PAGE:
The Vatican Chapels Pavilion of the Holy See opened to fanfare last week, marking Vatican City’s debut at the 16th Venice Architecture Biennale. Curated by Professor Francesco Dal Co, the temporary installation consists of 10 chapel-inspired pavilions, each designed by a different renowned design practice from around the world. Perhaps the most anticipated of them all is the pavilion by Foster + Partners, which takes the form of an open-air chapel built with a tensegrity structure.
Spread out across the picturesque San Giorgio Maggiore Island, the Vatican Chapels Pavilion of the Holy See is set in a contemplative wooded environment. Foster + Partners’ chapel is located between two mature trees on one end of the island and connects to the lagoon beyond. The chapel comprises a tensegrity structure made up of three upright crosses that support a larch latticework membrane connected with steel cables and masts. Italian furniture company Tecno built the installation.
“The project started with the selection of the site,” explained Norman Foster, founder of Foster + Partners. “On a visit to San Giorgio Maggiore, close to Palladio’s magnificent church and the Teatro Verde, I found a green space with two mature trees beautifully framing the view of the lagoon. It was like a small oasis in the big garden, perfect for contemplation. Our aim was to create a small space diffused with dappled shade and removed from the normality of passers-by, focused instead on the water and sky beyond – a sanctuary.”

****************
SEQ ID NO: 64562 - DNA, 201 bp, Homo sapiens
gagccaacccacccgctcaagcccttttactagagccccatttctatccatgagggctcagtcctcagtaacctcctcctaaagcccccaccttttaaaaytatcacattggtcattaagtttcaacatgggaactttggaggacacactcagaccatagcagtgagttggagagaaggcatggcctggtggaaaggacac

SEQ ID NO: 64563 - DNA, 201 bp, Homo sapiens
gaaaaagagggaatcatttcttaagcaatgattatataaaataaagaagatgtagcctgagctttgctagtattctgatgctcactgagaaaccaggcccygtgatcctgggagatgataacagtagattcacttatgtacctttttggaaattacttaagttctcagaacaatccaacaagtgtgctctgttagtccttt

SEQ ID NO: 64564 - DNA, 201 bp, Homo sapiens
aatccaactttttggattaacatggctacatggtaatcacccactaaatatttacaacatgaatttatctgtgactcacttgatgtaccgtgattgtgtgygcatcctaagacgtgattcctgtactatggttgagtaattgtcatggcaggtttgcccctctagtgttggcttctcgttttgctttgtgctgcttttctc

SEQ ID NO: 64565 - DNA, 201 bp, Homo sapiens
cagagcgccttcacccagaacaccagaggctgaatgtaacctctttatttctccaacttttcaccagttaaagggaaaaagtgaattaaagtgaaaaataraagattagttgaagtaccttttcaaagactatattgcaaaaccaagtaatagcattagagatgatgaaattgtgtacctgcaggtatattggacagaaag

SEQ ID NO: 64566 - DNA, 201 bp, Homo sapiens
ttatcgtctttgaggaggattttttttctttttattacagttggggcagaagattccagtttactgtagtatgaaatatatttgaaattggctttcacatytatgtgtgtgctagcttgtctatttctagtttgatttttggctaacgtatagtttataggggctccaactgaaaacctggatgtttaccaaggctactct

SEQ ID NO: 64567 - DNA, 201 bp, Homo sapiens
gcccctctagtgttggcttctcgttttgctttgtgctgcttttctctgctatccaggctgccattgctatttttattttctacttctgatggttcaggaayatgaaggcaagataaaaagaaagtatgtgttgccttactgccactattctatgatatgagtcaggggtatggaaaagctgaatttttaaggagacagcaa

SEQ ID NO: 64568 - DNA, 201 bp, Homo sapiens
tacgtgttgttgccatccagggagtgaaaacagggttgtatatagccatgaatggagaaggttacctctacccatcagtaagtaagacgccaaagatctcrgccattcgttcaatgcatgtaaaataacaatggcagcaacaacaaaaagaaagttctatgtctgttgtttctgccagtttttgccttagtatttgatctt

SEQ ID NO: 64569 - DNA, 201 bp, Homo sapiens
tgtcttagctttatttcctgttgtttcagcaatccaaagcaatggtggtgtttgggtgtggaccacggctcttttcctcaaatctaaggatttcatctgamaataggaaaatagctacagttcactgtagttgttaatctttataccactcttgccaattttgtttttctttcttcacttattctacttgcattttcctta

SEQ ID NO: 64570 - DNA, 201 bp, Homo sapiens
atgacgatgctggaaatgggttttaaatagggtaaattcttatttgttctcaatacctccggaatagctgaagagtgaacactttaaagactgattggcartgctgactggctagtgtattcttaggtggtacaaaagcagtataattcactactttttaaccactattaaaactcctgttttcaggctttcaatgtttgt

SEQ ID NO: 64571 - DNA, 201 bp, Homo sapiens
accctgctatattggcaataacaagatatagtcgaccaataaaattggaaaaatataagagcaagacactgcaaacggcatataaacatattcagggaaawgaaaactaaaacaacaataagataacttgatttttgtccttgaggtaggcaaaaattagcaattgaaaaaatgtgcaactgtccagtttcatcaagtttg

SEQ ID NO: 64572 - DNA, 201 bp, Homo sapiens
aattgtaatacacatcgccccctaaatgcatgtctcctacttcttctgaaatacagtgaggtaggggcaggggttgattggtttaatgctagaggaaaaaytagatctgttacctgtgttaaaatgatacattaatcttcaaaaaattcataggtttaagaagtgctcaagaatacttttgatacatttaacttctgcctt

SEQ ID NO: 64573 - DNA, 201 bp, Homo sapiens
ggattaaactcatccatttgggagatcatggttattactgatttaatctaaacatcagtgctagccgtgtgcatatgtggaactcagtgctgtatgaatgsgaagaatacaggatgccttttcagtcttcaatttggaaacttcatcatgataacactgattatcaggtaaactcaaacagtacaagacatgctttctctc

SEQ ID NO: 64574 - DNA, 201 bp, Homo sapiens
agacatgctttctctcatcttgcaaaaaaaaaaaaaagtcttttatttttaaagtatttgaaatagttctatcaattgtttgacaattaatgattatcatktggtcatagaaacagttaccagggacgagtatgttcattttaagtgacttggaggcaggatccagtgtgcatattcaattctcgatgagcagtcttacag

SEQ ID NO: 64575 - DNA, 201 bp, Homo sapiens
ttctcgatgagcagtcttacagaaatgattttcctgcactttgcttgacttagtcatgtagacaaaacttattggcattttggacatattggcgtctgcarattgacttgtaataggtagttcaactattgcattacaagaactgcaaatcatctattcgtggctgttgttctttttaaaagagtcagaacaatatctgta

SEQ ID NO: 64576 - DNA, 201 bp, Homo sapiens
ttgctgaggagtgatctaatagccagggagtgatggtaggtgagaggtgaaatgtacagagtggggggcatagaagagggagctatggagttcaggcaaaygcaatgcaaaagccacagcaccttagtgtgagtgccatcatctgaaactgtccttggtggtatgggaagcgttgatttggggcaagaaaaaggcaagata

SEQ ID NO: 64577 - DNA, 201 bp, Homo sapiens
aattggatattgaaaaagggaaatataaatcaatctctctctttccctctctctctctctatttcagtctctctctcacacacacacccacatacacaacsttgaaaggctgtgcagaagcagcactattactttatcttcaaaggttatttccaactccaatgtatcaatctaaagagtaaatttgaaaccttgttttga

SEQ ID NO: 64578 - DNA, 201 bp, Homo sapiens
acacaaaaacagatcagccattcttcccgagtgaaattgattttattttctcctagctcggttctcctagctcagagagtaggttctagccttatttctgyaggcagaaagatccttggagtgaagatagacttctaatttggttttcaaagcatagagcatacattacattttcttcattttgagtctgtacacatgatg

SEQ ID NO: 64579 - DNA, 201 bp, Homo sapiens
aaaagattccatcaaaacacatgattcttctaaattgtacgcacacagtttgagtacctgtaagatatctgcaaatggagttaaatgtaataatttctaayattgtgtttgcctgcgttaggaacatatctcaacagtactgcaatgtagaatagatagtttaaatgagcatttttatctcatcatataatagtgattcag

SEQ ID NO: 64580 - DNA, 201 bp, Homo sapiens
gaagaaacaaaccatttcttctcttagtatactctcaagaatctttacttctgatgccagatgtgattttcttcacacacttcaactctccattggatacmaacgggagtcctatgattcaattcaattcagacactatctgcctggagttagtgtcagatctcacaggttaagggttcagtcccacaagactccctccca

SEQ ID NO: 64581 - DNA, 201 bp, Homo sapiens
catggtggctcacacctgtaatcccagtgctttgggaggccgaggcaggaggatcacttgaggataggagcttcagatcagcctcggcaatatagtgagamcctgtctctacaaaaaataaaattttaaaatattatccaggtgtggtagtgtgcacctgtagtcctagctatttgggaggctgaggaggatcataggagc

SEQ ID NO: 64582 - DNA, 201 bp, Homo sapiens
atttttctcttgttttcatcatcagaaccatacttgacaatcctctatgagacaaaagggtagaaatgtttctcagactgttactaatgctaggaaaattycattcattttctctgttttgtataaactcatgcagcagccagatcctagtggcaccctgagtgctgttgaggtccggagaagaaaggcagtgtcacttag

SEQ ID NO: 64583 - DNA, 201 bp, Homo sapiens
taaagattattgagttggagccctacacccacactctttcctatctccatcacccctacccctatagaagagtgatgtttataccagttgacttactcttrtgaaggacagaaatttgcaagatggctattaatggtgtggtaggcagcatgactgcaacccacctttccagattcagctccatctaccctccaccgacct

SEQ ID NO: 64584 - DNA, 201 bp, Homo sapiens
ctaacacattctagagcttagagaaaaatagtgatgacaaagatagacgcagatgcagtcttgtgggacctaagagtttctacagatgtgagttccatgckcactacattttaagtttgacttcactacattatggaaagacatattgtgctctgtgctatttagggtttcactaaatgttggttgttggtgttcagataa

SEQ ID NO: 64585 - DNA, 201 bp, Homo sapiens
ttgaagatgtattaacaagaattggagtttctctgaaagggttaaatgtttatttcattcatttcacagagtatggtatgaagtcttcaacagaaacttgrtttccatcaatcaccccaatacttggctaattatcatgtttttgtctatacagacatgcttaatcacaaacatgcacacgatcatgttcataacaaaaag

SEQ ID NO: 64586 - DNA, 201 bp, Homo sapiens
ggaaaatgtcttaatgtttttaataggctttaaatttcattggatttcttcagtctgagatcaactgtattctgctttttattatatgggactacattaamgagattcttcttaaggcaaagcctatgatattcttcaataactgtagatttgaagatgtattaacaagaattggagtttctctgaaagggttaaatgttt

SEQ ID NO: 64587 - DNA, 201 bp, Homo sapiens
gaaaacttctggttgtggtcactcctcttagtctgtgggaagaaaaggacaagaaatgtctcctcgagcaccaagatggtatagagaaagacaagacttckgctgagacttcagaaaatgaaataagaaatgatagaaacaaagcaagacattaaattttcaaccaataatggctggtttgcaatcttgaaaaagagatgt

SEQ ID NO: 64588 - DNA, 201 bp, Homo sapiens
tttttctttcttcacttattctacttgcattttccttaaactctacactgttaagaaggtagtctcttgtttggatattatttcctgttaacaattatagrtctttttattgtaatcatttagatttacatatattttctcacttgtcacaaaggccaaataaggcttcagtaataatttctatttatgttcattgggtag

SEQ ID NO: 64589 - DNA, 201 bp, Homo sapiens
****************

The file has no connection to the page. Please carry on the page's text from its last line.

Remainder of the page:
The larch membrane allows dappled light to pass through the chapel’s interior. The tensegrity structure was also engineered to withstand wind loads. Jasmine vines are planted around the structure and will grow overtop it in time to soften its contours and add an extra sensory element. The pavilion will remain open to the public until November 25, 2018.
Images by Nigel Young/Foster + Partners